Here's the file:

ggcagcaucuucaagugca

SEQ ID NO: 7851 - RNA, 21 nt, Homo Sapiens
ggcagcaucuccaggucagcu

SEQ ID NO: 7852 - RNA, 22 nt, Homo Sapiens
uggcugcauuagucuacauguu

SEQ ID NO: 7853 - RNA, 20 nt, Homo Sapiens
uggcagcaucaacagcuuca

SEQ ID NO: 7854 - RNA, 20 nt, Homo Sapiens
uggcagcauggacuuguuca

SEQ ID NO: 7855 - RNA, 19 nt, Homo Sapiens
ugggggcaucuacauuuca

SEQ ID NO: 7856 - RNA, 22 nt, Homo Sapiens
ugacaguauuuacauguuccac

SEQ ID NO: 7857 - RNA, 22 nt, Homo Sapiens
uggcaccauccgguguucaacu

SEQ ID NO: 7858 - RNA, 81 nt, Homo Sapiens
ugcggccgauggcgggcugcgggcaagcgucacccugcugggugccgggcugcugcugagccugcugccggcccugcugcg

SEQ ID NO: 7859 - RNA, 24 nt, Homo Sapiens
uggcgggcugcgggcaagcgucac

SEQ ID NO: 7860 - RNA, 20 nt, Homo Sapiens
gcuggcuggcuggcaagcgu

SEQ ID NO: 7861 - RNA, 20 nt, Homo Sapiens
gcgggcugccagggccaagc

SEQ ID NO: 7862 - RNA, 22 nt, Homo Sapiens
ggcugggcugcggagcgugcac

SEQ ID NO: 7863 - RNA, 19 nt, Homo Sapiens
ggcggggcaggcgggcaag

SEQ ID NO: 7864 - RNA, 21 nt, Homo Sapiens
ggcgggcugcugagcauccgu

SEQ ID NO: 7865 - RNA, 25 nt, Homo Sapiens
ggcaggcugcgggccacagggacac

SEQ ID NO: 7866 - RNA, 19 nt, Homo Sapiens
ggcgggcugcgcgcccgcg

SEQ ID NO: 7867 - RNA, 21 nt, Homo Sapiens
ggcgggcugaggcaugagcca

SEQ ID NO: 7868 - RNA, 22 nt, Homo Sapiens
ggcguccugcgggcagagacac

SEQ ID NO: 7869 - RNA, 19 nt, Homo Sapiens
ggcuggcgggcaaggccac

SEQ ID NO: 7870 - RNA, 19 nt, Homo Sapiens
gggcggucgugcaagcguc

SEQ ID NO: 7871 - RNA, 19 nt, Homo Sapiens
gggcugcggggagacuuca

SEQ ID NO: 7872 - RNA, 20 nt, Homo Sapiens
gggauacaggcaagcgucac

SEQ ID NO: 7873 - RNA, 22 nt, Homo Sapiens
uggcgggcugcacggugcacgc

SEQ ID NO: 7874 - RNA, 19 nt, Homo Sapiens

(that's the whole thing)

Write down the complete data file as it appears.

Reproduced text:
ggcagcaucuucaagugca

SEQ ID NO: 7851 - RNA, 21 nt, Homo Sapiens
ggcagcaucuccaggucagcu

SEQ ID NO: 7852 - RNA, 22 nt, Homo Sapiens
uggcugcauuagucuacauguu

SEQ ID NO: 7853 - RNA, 20 nt, Homo Sapiens
uggcagcaucaacagcuuca

SEQ ID NO: 7854 - RNA, 20 nt, Homo Sapiens
uggcagcauggacuuguuca

SEQ ID NO: 7855 - RNA, 19 nt, Homo Sapiens
ugggggcaucuacauuuca

SEQ ID NO: 7856 - RNA, 22 nt, Homo Sapiens
ugacaguauuuacauguuccac

SEQ ID NO: 7857 - RNA, 22 nt, Homo Sapiens
uggcaccauccgguguucaacu

SEQ ID NO: 7858 - RNA, 81 nt, Homo Sapiens
ugcggccgauggcgggcugcgggcaagcgucacccugcugggugccgggcugcugcugagccugcugccggcccugcugcg

SEQ ID NO: 7859 - RNA, 24 nt, Homo Sapiens
uggcgggcugcgggcaagcgucac

SEQ ID NO: 7860 - RNA, 20 nt, Homo Sapiens
gcuggcuggcuggcaagcgu

SEQ ID NO: 7861 - RNA, 20 nt, Homo Sapiens
gcgggcugccagggccaagc

SEQ ID NO: 7862 - RNA, 22 nt, Homo Sapiens
ggcugggcugcggagcgugcac

SEQ ID NO: 7863 - RNA, 19 nt, Homo Sapiens
ggcggggcaggcgggcaag

SEQ ID NO: 7864 - RNA, 21 nt, Homo Sapiens
ggcgggcugcugagcauccgu

SEQ ID NO: 7865 - RNA, 25 nt, Homo Sapiens
ggcaggcugcgggccacagggacac

SEQ ID NO: 7866 - RNA, 19 nt, Homo Sapiens
ggcgggcugcgcgcccgcg

SEQ ID NO: 7867 - RNA, 21 nt, Homo Sapiens
ggcgggcugaggcaugagcca

SEQ ID NO: 7868 - RNA, 22 nt, Homo Sapiens
ggcguccugcgggcagagacac

SEQ ID NO: 7869 - RNA, 19 nt, Homo Sapiens
ggcuggcgggcaaggccac

SEQ ID NO: 7870 - RNA, 19 nt, Homo Sapiens
gggcggucgugcaagcguc

SEQ ID NO: 7871 - RNA, 19 nt, Homo Sapiens
gggcugcggggagacuuca

SEQ ID NO: 7872 - RNA, 20 nt, Homo Sapiens
gggauacaggcaagcgucac

SEQ ID NO: 7873 - RNA, 22 nt, Homo Sapiens
uggcgggcugcacggugcacgc

SEQ ID NO: 7874 - RNA, 19 nt, Homo Sapiens